Ciprian-Octavian TruicăS University Politehnica of Bucharest, firstname.lastname@example.org Romania Distributed Databases; Data Aggregation; Cloud Computing; Parallel programming
Clemens GrelckM University of Amsterdam, email@example.com Netherlands programming languages, compilers, parallel computing, resource-aware computing
Corinne AncourtM MINES ParisTech, firstname.lastname@example.org France Compilation, Program optimization for parallel architectures, Integer linear programming
Daniela OrozovaM email@example.com Bulgaria Modelling tools, Big Data Applications, Intelligent Tutoring Systems, Network programming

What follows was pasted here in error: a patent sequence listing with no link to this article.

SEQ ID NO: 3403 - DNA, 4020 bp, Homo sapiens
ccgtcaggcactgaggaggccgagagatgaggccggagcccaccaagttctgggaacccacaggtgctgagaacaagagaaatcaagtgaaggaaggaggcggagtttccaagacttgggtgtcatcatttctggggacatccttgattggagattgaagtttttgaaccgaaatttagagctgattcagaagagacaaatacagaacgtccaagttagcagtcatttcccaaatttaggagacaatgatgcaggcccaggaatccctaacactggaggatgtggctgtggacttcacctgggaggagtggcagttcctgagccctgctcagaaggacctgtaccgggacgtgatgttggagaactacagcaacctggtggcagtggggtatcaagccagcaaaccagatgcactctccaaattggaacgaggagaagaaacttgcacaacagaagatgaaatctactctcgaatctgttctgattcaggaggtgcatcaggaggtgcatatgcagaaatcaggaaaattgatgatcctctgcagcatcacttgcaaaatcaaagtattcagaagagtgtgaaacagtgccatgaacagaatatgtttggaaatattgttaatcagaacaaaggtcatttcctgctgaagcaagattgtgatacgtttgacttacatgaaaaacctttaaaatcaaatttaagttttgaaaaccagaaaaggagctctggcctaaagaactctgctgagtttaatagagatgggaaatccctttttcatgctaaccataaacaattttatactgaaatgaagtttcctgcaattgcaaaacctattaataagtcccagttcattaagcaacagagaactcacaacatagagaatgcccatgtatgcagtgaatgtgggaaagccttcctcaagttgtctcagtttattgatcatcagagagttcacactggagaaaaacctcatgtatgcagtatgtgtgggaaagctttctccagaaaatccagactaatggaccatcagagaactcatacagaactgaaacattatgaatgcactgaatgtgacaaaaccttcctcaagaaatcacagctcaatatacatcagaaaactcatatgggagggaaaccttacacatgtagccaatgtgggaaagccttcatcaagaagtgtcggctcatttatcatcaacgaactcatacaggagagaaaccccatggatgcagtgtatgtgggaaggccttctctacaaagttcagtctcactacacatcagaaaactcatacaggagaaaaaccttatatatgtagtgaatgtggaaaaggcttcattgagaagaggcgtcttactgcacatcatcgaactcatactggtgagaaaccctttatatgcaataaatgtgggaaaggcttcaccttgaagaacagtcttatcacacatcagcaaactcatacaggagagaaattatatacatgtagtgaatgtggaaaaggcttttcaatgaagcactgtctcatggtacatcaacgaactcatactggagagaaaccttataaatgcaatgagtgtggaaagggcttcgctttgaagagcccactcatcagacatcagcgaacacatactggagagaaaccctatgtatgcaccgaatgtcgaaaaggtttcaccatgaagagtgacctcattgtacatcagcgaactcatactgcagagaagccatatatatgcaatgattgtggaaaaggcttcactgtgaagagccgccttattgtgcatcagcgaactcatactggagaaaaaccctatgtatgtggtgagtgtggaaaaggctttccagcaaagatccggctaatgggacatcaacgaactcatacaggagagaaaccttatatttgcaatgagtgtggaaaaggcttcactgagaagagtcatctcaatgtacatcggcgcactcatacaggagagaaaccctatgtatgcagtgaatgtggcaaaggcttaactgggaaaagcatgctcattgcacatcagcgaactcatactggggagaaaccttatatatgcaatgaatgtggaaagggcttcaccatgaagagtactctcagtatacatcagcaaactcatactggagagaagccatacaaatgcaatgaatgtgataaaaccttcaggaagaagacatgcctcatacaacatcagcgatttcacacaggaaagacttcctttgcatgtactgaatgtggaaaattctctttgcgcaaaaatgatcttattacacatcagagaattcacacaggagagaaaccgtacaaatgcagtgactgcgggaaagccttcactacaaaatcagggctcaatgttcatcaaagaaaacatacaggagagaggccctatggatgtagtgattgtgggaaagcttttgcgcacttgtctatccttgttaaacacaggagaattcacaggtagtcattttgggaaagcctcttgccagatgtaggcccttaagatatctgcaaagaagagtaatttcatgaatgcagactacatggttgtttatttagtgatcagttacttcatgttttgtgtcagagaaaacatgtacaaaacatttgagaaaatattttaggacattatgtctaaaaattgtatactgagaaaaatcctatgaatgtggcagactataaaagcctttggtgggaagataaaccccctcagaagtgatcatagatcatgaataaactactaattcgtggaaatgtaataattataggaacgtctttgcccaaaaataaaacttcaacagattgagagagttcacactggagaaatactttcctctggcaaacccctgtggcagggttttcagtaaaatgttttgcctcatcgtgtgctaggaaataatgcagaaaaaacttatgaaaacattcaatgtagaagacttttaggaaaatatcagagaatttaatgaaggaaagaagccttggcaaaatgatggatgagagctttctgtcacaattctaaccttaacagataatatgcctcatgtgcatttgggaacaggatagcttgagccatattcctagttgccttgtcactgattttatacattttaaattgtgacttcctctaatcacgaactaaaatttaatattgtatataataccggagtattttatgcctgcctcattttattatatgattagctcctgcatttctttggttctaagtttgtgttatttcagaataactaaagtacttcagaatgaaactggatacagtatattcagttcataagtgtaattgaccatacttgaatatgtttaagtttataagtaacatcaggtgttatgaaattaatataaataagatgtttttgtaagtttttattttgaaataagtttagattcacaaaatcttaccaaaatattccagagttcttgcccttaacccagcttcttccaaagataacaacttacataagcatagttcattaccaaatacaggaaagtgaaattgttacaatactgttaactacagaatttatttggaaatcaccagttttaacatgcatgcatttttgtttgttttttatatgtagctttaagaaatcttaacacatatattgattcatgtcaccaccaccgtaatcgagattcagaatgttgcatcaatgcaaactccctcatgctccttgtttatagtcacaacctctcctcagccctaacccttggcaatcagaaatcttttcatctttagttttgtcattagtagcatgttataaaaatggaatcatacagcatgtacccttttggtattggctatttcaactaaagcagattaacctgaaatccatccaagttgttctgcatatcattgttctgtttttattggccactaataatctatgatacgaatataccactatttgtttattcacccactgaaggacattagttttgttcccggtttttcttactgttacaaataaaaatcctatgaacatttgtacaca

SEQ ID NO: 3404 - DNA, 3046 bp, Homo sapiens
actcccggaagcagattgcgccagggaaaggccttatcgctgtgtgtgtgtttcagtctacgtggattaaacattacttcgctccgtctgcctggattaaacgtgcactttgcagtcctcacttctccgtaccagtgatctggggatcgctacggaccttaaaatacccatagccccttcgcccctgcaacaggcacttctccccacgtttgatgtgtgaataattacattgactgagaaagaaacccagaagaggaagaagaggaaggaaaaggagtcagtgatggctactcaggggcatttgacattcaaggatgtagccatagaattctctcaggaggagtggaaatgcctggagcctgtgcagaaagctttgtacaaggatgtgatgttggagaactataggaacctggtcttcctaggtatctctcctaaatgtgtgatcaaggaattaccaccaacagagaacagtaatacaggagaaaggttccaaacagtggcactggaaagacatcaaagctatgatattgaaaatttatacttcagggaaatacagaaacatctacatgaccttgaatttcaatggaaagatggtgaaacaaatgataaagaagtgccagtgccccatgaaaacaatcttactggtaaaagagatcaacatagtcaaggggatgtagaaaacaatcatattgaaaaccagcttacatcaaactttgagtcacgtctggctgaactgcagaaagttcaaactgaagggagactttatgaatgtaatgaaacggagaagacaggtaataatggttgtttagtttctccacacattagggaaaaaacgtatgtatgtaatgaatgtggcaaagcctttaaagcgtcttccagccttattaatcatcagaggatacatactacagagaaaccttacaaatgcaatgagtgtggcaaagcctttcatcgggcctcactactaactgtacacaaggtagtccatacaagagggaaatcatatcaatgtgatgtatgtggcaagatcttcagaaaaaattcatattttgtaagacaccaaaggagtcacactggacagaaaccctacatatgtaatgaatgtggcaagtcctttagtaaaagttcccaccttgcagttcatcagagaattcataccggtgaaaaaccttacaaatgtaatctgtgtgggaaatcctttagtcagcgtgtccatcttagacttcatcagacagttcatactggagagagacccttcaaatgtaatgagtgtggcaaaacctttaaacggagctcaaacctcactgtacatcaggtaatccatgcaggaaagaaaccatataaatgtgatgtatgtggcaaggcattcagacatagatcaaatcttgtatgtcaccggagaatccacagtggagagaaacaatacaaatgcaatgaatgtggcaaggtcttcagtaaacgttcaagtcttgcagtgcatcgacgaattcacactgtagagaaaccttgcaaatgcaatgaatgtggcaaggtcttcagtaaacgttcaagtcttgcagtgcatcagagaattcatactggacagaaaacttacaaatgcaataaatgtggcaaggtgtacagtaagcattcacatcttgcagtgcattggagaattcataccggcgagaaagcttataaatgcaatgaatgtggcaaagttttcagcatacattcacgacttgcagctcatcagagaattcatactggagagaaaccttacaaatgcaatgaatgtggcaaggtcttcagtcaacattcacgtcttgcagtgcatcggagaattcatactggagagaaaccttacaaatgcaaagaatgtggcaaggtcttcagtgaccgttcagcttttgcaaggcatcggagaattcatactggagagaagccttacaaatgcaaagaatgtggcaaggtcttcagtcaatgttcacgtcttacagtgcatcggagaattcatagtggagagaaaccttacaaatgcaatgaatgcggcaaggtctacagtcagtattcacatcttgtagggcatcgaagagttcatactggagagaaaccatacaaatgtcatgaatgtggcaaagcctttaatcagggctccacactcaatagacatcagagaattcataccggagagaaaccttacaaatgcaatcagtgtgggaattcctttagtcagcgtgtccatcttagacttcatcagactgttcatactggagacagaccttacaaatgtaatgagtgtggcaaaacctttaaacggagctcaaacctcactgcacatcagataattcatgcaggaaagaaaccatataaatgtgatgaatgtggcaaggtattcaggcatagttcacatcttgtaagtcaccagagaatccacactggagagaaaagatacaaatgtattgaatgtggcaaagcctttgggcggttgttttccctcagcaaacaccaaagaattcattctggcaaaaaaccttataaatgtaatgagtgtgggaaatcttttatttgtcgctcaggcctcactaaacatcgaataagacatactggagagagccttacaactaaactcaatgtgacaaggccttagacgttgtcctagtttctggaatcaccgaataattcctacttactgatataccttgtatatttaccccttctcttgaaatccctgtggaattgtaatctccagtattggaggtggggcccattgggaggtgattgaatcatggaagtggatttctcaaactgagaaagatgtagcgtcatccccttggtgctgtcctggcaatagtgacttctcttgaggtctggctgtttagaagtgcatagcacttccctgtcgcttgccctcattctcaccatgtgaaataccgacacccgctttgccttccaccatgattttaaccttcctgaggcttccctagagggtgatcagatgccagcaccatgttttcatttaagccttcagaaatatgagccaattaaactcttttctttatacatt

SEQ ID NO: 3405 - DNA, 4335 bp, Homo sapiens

Edgars CelmsM Institute of Mathematics and Computer Science, University of Latvia, firstname.lastname@example.org Latvia Model-Driven Software Development, Ontologies, Semantic technologies, Domain Specific Languages
Eleni Karatza Aristotle University of Thessaloniki, email@example.com Greece Simulation and Performance Analysis of Grids and Clouds, Mapping/Scheduling Techniques
Elisabeth LarssonM firstname.lastname@example.org Sweden High performance computing, task parallel programming frameworks
Francisco de SandeS Universidad de La Laguna, email@example.com Spain HPC, GPGPU, Compilers technology, Parallelization of Scientific Applications
GABER Jaafar Universite de Technologie de Belfort-Montbeliard,, firstname.lastname@example.org France multicore and parallel algorithms